June 21, 2012 by eneubauer
The great plagues of the 14th and 16th centuries are responsible for the death of approximately 50% of the European population. One interesting fact unearthed from this great tragedy was its impact on priests and religious. During this same period the Catholic Church lost between 1/2 – 2/3 of its priests and religious – a number not easily replaced. The majority of those who served God through the Church did not hide nor avoid but marched diligently into certain death. Our religious leaders during this time faithfully went to comfort, care for and minister to the dying. It wasn’t a pretty site nor easy task. These facts remind me of Jesus’ statement when he said, “Whoever wants to be my disciple must deny themselves and take up their cross daily and follow me.”
Saint Aloysius Gonzaga (religious) was one such servant who took seriously the call to take up the cross of Christ in the face of significant human suffering. He was born into a prestigious family near Mantua in Lombardy in 1568. Early on his mother saw his inclination towards religious life. He delivered his inheritance to his brother and joined the Society of Jesus – dying in 1591 while serving the sick affected by the plague.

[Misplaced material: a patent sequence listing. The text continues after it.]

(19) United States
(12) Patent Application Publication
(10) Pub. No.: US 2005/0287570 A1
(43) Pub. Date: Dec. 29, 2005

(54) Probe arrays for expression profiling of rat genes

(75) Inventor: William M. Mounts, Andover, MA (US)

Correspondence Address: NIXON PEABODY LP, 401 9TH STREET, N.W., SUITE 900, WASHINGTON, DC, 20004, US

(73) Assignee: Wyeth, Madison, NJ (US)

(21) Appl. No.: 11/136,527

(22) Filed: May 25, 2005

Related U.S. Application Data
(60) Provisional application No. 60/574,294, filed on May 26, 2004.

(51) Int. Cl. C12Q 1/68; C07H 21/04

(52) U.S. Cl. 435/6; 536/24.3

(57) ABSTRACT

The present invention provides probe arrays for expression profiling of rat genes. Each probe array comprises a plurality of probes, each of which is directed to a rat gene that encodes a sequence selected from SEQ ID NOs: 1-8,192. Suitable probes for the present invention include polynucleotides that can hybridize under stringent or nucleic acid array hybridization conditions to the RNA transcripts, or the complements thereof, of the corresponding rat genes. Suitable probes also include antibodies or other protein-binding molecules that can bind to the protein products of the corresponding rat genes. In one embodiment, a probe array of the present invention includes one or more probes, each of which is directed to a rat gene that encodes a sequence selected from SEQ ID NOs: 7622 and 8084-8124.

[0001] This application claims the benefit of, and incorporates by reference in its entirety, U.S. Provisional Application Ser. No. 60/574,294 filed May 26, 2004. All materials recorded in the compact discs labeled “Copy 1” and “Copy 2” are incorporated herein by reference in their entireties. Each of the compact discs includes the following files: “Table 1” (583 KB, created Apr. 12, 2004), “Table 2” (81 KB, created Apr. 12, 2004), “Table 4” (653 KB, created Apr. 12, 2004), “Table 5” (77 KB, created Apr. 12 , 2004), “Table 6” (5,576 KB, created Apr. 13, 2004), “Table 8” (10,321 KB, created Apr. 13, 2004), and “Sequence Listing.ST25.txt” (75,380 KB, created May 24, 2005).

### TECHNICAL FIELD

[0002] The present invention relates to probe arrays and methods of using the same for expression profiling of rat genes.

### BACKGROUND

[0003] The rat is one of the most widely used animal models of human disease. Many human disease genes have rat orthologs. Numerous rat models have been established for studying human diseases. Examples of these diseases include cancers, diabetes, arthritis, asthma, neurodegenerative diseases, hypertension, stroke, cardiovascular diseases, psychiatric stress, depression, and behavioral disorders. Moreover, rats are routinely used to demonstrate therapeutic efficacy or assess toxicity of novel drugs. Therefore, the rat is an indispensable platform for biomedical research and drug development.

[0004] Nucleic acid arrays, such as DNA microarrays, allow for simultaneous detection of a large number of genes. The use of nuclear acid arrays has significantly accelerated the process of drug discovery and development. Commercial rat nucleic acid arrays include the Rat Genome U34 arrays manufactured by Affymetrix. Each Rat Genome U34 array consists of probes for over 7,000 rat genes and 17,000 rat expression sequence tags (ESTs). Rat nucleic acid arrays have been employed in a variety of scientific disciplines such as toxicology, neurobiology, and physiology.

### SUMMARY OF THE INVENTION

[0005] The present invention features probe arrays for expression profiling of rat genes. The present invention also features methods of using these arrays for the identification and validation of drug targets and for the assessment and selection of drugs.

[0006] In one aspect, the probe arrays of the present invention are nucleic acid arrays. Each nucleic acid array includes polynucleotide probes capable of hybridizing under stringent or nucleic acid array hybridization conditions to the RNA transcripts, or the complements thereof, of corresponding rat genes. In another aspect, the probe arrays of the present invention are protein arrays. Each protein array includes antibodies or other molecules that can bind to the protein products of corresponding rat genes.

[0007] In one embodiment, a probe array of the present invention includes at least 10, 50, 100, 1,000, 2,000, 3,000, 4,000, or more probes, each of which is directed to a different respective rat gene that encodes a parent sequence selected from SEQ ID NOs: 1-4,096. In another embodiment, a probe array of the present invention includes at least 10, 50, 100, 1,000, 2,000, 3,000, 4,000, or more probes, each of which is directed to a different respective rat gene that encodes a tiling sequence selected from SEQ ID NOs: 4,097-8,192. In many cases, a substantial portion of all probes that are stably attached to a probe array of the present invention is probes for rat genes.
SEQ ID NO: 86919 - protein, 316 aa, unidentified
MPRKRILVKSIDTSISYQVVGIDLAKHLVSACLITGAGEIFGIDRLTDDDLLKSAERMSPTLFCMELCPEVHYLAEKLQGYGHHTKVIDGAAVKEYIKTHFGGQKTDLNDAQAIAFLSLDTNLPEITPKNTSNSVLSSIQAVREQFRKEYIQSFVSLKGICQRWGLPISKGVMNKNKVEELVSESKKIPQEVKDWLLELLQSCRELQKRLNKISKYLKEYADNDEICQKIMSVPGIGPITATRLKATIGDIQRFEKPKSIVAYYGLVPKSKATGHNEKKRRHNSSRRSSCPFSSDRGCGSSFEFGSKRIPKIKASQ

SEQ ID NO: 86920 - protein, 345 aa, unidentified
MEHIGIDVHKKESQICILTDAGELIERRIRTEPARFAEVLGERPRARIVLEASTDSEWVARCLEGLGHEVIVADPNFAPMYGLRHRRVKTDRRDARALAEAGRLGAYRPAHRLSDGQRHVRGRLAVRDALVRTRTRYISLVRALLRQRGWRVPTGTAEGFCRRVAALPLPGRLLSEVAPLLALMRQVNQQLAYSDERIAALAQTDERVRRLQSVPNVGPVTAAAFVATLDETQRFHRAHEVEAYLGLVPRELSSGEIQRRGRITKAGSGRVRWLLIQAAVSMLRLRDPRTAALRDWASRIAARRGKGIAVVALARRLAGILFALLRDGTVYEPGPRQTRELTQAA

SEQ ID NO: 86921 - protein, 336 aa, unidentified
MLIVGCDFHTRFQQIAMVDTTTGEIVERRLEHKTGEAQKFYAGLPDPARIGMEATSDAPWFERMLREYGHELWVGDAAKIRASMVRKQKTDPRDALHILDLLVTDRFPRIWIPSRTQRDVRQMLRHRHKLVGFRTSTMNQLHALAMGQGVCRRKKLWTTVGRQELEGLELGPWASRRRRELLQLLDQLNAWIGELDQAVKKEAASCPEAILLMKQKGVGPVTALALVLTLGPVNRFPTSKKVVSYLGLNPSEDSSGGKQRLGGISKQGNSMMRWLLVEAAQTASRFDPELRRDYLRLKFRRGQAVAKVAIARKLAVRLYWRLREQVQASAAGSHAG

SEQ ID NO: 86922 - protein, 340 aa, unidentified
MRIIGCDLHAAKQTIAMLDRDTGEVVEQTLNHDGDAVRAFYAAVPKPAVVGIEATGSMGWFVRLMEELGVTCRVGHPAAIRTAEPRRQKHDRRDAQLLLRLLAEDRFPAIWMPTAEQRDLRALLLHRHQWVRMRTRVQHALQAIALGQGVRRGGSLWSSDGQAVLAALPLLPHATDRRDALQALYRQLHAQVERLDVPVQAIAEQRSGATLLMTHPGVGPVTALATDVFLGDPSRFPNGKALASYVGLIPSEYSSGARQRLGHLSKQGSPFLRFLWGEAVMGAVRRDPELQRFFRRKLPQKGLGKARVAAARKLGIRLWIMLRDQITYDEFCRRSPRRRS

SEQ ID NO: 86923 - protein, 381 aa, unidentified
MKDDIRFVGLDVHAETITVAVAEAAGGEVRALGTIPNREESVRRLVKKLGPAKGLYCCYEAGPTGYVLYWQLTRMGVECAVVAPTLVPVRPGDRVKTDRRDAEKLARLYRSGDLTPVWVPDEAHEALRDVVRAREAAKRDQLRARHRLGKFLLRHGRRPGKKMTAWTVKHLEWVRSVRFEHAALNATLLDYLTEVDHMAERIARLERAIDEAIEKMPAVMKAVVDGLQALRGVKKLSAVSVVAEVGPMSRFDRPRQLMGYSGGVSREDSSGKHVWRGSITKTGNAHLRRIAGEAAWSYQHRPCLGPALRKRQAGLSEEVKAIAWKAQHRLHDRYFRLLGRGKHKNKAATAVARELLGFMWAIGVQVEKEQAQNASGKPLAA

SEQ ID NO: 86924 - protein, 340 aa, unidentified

Here is an excerpt from a letter St. Aloysius sent to his mother,
“May the comfort and grace of the Holy Spirit be yours for ever, most honoured lady. Your letter found me lingering still in this region of the dead, but now I must rouse myself to make my way on to heaven at last and to praise God for ever in the land of the living; indeed I had hoped that before this time my journey there would have been over. If charity, as Saint Paul says, means to weep with those who weep and rejoice with those who are glad, then, dearest mother, you shall rejoice exceedingly that God in his grace and his love for you is showing me the path to true happiness, and assuring me that I shall never lose him.”
In light of these great words from St. Aloysius may we firmly grasp our own personal crosses, look suffering in the face and embrace that life of service that Christ has called us to. It will not always be easy but it will lead each of us to that place, like St. Aloysius describes, where we will (forever) be in His presence – praising GOD.
May eternal life come for each of us in the same way as it did for St. Aloysius. May we respond in like manner – in faith and confidence.